Mr. Hennessy continued, “Under normal circumstances we would expect an 8% revenue increase to generate more than a 4% increase in Adjusted EBITDA, but as communicated previously, we are facing some significant cost pressures in 2007. A critical raw material input into the production of our steel golf shafts is nickel, which has been tracking between two and three times the pricing levels of 2006. We are also experiencing medical cost inflation pressure that is adversely impacting our overall labor costs and gross margins. In addition to these two cost factors, our Mississippi steel facility has operated at less than peak efficiency, due in large part to the transition and training for production of the newly acquired Royal Precision products that are driving our top line growth. We are addressing each of these issues impacting our margins, and given the overall backdrop, we were relatively pleased to deliver Adjusted EBITDA growth for the quarter.”

Commenting about the company’s outlook for the future, Mr. Hennessy said, “We have finally seen the turning point on the top line that had been anticipated for 2007, and based on the strength of our current sales and product programs with key OEMs, we expect year-over-year sales improvement for the remainder of the year. In addition to the recovery of sales momentum for our golf shaft business, during the upcoming third and fourth quarters we are also putting programs in place that should continue to grow our performance sports sales by solid double digit percentages, and move this segment of our business well past 10% of our overall revenue base.”

Mr. Hennessy continued, “At this time, our outlook for bottom line profitability is not quite as optimistic as the revenue forecast. The three key cost pressures that have impacted our first half results will remain a critical focus during the remainder of 2007. Although nickel has moderated somewhat as of late, it continues to track at levels approaching twice that of 2006. To address this issue we have instituted specific conservation programs and we are also reviewing alternate technologies and plating techniques, as well as our marketplace pricing policies. In addition to materials, medical cost trend rates across the country are expected to continue to rise, and as a company we are working to address this issue. We plan to implement changes to our medical plans that will maintain this important employee benefit but will also begin to reign in the double digit inflationary trend rates experienced for our medical expenses. Lastly, we intend to make the necessary improvements in the operational efficiency of our Mississippi steel facility by focusing on lean manufacturing techniques and continuous quality improvement programs. Overall, we believe that profitability growth will continue to lag behind the sales improvements during 2007, but the cost containment and efficiency programs we are putting in place now should pay dividends nicely in the later part of the year and position us very well as we enter 2008.”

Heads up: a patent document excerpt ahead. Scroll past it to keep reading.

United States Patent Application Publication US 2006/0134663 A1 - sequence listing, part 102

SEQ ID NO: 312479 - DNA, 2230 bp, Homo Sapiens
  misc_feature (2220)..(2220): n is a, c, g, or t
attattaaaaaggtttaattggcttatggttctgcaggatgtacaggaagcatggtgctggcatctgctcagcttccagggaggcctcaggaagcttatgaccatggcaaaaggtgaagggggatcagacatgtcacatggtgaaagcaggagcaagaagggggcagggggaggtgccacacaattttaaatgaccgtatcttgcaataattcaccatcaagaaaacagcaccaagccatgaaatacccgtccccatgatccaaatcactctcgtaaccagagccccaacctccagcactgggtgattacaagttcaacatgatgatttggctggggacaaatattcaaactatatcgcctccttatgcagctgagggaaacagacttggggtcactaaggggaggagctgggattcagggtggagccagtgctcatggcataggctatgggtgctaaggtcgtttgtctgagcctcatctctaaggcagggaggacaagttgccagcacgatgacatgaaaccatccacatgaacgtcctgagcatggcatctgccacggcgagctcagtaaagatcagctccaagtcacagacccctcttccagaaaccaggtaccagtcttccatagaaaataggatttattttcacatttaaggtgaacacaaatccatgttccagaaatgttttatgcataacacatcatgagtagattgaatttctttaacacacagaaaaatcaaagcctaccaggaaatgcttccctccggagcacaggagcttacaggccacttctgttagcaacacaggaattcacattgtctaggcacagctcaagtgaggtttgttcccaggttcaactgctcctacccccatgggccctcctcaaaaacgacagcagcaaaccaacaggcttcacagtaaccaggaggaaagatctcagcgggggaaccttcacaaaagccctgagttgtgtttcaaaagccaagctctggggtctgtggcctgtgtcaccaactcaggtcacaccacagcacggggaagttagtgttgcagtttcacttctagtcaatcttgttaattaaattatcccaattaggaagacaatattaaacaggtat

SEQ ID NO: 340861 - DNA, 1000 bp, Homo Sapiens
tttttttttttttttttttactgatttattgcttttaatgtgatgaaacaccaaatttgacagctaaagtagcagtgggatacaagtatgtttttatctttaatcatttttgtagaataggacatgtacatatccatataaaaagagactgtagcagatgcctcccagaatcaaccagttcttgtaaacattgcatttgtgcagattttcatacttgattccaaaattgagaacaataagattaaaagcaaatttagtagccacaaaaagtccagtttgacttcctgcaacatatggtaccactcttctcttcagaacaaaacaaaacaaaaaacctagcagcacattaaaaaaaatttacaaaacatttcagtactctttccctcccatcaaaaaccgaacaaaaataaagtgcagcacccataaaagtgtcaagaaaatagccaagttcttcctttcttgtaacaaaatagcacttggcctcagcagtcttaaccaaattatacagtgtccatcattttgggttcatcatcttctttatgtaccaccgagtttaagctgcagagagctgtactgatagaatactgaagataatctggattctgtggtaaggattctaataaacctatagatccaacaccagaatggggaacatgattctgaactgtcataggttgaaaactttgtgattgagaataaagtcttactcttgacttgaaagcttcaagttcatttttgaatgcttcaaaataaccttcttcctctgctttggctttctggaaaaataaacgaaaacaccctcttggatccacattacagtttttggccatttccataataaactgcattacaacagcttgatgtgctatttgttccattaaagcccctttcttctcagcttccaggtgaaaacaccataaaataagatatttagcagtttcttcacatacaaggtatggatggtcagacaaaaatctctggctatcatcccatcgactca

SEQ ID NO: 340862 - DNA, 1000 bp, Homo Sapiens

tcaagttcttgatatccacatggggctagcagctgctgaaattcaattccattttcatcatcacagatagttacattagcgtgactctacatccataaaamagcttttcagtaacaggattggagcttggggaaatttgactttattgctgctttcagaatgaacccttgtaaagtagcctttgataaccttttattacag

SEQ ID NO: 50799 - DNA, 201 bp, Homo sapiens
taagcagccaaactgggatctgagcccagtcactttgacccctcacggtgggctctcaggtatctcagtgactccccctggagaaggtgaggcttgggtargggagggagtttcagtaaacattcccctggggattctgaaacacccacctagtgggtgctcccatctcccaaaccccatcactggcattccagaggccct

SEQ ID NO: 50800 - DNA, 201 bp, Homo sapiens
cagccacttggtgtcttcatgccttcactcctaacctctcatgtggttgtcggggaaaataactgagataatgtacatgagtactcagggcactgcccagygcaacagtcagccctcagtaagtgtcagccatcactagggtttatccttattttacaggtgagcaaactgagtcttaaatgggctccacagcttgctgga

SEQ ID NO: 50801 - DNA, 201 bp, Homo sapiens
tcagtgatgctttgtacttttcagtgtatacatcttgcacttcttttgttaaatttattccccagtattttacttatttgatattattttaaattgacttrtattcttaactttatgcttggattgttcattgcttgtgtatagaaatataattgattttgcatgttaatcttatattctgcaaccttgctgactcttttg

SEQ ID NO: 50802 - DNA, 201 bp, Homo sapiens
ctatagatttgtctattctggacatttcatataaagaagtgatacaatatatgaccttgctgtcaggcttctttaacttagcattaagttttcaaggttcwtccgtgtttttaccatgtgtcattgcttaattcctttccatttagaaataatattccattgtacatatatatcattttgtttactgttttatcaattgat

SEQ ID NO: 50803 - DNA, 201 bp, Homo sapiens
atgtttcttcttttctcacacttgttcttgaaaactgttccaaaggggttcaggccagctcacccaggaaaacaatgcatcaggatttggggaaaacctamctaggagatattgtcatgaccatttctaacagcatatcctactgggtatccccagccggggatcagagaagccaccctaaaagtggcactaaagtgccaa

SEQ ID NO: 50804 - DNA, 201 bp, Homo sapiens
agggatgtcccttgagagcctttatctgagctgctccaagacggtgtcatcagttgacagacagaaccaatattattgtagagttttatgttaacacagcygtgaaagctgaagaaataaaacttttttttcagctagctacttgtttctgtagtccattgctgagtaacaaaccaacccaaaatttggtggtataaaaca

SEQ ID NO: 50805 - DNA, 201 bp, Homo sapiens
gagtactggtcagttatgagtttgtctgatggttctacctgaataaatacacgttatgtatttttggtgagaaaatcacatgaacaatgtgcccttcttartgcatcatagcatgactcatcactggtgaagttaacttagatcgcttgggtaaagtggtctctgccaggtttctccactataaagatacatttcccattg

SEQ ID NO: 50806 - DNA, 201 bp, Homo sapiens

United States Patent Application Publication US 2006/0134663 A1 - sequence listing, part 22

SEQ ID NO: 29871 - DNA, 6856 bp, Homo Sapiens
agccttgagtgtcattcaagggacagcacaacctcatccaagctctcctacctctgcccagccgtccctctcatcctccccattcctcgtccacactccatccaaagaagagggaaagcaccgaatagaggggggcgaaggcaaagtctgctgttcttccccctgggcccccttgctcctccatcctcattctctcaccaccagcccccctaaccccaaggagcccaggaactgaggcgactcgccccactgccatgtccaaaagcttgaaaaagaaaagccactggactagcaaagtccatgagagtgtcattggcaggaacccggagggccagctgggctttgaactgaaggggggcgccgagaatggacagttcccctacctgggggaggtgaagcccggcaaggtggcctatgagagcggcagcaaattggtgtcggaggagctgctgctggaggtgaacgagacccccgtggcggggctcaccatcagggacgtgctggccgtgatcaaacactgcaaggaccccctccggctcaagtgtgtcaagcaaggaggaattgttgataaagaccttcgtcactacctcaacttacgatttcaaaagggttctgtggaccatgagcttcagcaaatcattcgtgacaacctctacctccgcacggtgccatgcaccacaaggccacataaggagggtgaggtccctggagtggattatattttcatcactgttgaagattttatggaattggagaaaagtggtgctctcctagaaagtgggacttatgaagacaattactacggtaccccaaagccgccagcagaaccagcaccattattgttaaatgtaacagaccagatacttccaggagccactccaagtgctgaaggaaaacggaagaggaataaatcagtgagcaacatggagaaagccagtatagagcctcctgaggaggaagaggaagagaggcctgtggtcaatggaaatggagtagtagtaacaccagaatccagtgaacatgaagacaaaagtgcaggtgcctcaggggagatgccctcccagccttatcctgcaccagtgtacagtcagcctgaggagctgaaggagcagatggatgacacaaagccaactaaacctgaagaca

About The Author

Teresa Hartford

Teresa Hartford Group Publisher & Creative Director | SGB Media | 704.651.5741



Pin It on Pinterest

Share This